When Truro School Built An Aeroplane

This article was written by Florian, a student from Germany who took part in a 10-day-long work experience exchange programme. He was in the 11th grade at the time and saw this exchange as a way of broadening his horizon, getting to know a different culture and improving his English.

For my work experience in Truro I’m working in the archive of the Truro School, the biggest independent school in Cornwall. My first job seemed quite simple: Just look around the archive, find something that you think is interesting and write an article about it.

Now that sounds simple enough but it turns out there’s quite a lot of interesting stuff about the history of this school which makes the choice not that easy after all. There are many interesting stories about the first and second world war in which this school seems so far away from those worldwide conflicts but at the same time is strangely connected to it, be it through teachers and pupils going to war and never coming back or through the school’s cadet corps where many students, even some first-graders learned to march and shoot. There’s also the “Truro School Dramatic Society” which had some actors on school stage way before they turned famous, like John Davies who portrayed Gimli in Lord of the Rings or Robert Shaw who took part in the second James Bond film (“From Russia with Love”) as well as in Spielberg’s famous thriller film “Jaws”. But in the end I decided to write about one thing, more or less 40 years ago, that seems to me particularly impressing and amazing.

The Truro School Aeroplane

It all started in Easter of the year 1978, when a group of fourth year students decided to build a plane as an educational project with the help of Mr Keam, Head of DT. A plan like this sounds, at least for me, even today like a highly ambitious project, but in the late 80’s building a plane was a lot more difficult than it would be today.

Initial Stage of Plane Construction

Additionally these kids had no experience whatsoever in building planes, nor did they have any money (the 4000-plus cost was sponsored partly by BP Oil’s project “Challenge to Youth”). Fortunately for the students Mr Keam was on hand to guide them. Despite going through all kinds of difficulties, which included spending two weeks of their summer holidays correcting a drilling mistake, they finished the skeleton of the plane except for the engine and the instruments in September 1979.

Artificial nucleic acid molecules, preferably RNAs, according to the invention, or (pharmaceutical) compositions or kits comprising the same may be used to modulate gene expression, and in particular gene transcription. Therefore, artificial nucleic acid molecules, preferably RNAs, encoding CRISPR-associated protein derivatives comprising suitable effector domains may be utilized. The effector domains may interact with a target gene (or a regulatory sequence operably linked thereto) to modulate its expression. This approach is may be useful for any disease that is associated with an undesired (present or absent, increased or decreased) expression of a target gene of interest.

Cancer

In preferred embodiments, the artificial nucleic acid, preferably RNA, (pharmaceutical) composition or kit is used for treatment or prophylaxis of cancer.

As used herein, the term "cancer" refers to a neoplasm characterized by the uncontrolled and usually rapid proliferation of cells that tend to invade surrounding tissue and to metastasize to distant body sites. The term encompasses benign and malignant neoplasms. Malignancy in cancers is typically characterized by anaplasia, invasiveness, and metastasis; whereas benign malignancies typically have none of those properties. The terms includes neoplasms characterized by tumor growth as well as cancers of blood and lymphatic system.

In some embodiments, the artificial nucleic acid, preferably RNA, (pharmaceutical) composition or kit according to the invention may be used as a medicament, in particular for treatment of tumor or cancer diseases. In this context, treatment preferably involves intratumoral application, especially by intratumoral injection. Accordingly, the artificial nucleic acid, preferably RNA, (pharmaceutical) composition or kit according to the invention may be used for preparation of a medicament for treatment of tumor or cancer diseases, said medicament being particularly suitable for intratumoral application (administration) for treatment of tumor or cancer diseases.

It was an all-grades project with the younger students doing the cutting, shaping and sanding and the older ones being responsible for the planning, delegation and assembly. They used an American set of plans for a model named Evans VP2 to build this extremely lightweight plane using a modified Volkswagen engine and after some problems with the conversion of the engine and some hairy test flights, the maiden flight finally took place on June 17, 1981 with a 25-mile flight around the city and over the school. Having achieved all this, which I think is already really incredible, they didn’t think about stopping but instead went for a record-breaking flight: In June 1982 the “Spirit of Truro”, as it was named by Prince Charles 2 years earlier, flew all the way from Truro over the channel to the town of Morlaix in France.

Spirit of Truro takes to the skies

I think that successfully finishing such an enormous and difficult project is an incredible achievement and that such projects are exactly the right way to go if you want interested, clever and creative young people to grow up as the next generation in order to solve today’s issues.

Prince Charles in the Cockpit of the Truro School Aeroplane

The Truro School Identity

Our school motto, Esse Quam Videri (to be, rather than to seem to be), captures the essence of our identity and is defined by the 5 C's below. Underpinned by strong Christian principles, we are a caring and inclusive community which values, nurtures and develops each individual.

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